Meanwhile, back to your irregularly unscheduled programs.

[Later…]  I’ll add notes here…

  • Joey Trotz reports that has four live streams. And, as others say below, so does the BBC. All can be viewed on a browser with Flash, and a disabled popup window blocker. Therefore some laptops and Android devices should also be covered, to a degree; but it’s all bit of a kluge. To me the standard is a live stream using at least a relatively open standard like .mp3 for audio and whatever-it-is that Al Jazeera is using for video (on the iPhone and iPad, at least, it can’t be Flash, so what is it?). The key: ease of viewing (fewest clicks) or listening. This means an app, usually, as of today. Note that nearly all smartphones in use today will be old hat two years from now.
  • I just downloaded and added the CNN app to my iPhone. It has “live” in its tabs, but the picture isn’t moving for me. Not sure what that means.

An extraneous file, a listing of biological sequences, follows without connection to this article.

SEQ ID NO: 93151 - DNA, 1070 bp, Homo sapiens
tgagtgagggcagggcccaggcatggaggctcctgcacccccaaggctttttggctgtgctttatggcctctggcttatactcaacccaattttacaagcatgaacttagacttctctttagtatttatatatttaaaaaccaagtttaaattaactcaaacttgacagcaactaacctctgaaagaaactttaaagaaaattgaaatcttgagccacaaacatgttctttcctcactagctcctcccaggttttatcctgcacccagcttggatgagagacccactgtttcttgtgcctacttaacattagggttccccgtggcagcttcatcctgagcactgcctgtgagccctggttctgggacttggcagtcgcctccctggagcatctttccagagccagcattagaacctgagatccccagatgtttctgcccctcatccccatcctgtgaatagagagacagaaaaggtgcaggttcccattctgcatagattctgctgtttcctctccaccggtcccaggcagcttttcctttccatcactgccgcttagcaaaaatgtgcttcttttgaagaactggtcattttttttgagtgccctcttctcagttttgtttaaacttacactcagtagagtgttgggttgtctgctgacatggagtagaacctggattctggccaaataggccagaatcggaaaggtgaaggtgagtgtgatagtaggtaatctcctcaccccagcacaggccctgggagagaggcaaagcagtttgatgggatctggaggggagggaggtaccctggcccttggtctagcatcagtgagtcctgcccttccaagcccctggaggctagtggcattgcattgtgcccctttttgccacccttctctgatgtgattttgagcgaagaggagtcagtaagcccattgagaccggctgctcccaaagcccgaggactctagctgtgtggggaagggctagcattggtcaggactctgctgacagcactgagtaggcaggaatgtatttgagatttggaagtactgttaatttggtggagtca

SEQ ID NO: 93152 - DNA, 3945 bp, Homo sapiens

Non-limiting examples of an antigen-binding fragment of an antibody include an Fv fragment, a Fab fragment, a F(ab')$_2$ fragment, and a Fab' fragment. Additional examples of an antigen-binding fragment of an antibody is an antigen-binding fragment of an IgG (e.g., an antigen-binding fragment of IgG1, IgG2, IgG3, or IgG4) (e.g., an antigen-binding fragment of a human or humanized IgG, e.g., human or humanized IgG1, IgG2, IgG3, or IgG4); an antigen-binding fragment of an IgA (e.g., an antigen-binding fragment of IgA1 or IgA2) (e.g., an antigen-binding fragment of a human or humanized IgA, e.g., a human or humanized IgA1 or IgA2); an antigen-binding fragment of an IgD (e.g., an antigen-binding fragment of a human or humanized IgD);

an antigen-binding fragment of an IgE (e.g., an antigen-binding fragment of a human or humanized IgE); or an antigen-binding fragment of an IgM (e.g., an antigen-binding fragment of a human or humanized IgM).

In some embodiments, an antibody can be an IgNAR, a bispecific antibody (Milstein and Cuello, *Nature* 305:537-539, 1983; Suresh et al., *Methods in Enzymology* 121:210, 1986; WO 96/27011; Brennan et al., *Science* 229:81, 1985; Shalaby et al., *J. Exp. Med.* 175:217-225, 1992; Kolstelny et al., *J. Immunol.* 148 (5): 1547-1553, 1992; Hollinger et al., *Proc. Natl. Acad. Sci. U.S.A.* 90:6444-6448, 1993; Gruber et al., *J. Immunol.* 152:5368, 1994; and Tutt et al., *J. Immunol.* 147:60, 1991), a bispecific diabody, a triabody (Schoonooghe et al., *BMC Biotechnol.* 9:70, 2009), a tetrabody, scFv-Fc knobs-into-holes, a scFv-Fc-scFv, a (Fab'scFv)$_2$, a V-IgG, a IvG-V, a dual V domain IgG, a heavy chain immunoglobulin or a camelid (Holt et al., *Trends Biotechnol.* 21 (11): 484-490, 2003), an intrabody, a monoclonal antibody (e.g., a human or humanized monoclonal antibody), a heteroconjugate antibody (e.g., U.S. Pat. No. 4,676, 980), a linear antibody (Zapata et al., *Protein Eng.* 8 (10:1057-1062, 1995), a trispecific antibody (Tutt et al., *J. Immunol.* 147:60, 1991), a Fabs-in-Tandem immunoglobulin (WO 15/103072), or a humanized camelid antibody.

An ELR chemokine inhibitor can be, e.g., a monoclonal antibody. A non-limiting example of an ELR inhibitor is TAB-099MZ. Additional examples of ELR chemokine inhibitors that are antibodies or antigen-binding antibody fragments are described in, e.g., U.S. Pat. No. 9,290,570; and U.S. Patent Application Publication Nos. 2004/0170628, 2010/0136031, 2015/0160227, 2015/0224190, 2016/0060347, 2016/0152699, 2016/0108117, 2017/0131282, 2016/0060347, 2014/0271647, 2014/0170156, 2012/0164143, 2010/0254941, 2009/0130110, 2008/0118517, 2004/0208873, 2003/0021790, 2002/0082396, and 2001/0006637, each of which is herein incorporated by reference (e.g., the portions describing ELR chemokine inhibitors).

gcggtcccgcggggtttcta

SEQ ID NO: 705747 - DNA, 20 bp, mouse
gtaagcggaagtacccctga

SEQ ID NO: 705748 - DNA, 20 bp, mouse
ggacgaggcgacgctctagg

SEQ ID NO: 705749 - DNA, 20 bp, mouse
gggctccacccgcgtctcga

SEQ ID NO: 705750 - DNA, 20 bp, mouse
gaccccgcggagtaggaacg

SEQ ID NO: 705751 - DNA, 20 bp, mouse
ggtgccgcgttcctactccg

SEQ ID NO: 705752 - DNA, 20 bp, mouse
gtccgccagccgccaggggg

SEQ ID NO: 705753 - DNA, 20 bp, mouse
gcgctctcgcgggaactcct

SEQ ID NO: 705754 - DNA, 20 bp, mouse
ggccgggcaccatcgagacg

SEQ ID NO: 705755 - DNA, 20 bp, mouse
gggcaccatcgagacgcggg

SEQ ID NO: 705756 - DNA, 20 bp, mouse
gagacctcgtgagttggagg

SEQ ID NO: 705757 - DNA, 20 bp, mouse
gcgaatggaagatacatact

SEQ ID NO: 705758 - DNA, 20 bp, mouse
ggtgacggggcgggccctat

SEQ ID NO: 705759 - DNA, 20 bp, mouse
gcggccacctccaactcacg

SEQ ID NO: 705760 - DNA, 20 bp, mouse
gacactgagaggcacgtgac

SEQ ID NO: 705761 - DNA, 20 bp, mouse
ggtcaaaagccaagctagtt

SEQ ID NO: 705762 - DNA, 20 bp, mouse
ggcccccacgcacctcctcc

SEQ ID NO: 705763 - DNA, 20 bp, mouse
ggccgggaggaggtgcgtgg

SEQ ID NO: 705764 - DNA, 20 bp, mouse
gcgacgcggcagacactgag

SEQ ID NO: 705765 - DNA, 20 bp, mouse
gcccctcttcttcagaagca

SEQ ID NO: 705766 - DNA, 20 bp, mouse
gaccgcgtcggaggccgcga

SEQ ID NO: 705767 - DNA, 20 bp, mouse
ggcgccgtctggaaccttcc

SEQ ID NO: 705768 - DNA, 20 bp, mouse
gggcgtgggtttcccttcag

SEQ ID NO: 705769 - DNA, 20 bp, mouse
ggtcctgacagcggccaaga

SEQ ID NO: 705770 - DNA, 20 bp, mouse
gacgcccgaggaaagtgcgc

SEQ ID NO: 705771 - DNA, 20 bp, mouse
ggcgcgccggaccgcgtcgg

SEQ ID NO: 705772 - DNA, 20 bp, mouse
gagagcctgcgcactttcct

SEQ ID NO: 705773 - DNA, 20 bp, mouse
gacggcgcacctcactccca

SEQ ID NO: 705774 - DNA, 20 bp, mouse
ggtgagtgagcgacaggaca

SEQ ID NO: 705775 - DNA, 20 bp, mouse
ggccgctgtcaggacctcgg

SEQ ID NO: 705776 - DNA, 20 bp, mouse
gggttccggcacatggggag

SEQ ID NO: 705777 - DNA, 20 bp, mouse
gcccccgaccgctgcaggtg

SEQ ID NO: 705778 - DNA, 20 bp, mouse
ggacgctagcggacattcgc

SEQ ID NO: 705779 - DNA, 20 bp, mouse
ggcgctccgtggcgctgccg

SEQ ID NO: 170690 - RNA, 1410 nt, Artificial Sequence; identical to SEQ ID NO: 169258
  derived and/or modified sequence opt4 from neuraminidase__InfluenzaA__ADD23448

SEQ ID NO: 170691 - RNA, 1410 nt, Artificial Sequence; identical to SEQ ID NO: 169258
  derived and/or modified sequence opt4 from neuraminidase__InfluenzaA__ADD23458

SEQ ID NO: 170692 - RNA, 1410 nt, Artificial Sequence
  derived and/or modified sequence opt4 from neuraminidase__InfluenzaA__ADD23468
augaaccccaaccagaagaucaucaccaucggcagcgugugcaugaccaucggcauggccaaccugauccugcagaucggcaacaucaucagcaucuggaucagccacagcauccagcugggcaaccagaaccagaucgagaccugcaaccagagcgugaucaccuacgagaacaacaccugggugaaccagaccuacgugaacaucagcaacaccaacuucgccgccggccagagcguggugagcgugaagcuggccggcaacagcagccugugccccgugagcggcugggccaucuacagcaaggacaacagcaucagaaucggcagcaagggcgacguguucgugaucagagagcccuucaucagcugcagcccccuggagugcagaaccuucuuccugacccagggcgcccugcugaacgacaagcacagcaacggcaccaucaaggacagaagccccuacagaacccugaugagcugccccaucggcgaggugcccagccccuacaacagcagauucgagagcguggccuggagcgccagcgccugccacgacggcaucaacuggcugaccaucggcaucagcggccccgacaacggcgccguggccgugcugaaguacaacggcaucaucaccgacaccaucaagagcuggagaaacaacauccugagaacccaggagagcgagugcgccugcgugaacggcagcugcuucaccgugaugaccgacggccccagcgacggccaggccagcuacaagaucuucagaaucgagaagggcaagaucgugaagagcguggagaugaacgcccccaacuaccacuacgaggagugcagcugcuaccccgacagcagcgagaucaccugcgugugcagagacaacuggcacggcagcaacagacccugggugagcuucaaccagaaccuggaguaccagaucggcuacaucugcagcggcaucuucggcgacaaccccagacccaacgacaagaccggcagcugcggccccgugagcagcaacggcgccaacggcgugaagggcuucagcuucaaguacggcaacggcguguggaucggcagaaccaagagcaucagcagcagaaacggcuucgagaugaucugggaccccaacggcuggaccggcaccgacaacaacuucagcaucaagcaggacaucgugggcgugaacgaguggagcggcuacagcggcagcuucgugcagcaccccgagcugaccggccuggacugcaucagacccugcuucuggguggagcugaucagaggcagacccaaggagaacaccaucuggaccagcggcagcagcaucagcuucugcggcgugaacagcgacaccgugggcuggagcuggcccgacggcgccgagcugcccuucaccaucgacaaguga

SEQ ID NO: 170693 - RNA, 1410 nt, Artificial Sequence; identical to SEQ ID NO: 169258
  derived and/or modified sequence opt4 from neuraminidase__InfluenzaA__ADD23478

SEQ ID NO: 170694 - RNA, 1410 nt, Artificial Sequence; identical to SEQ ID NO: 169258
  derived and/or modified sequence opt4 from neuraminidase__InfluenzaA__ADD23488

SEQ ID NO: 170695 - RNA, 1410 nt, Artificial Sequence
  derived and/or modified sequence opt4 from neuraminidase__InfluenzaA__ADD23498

• Thanks to Danilo, in the comments below, for suggesting that I make clear some distinctions that at least a couple commenters have missed. I do that in this comment here, and I’ll say it here as well. This post is not a slam on the good work that broadcasters do. Nor am I declaring the death of TV and radio as we know it. I am using AND logic here, not OR. When I say the Net is subsuming radio and TV, and that broadcasters need to normalize to the Net, I am saying that the Net is becoming the base medium. Broadcasters need to be streaming online as well as over the air and over cable. Back when he renewed his contract with SiriusXM, Howard Stern said as much about satellite radio. The new base medium for Howard’s SiriusXM channels, as well as all the other channels in the satellite radio lineup, is the Internet. Satellite distribution will become the backup live stream service, rather than the main distribution system. This is why Howard has been out stumping on TV talk shows for the SiriusXM smartphone app. Yes, it is true that the satellite system will cover many areas that the cell and wi-fi distribution system will not. But the reverse will also be true. SiriusXM on the Net is a global service, rather than one restricted to North America. The service is also not capacity-limited in the number of files and streams that can be offered, which is the case with satellite alone. Another point I’m making is that TV networks especially are restricted in their ability to stream by the deals they have with cable companies, and (in the case of, say, the BBC) by blocked use over IP addresses outside national boundaries. These are severely limiting as more and more viewing moves to hand-held devices. And those limitations need to be faced. Al Jazeera shows what can be done when the limits aren’t there.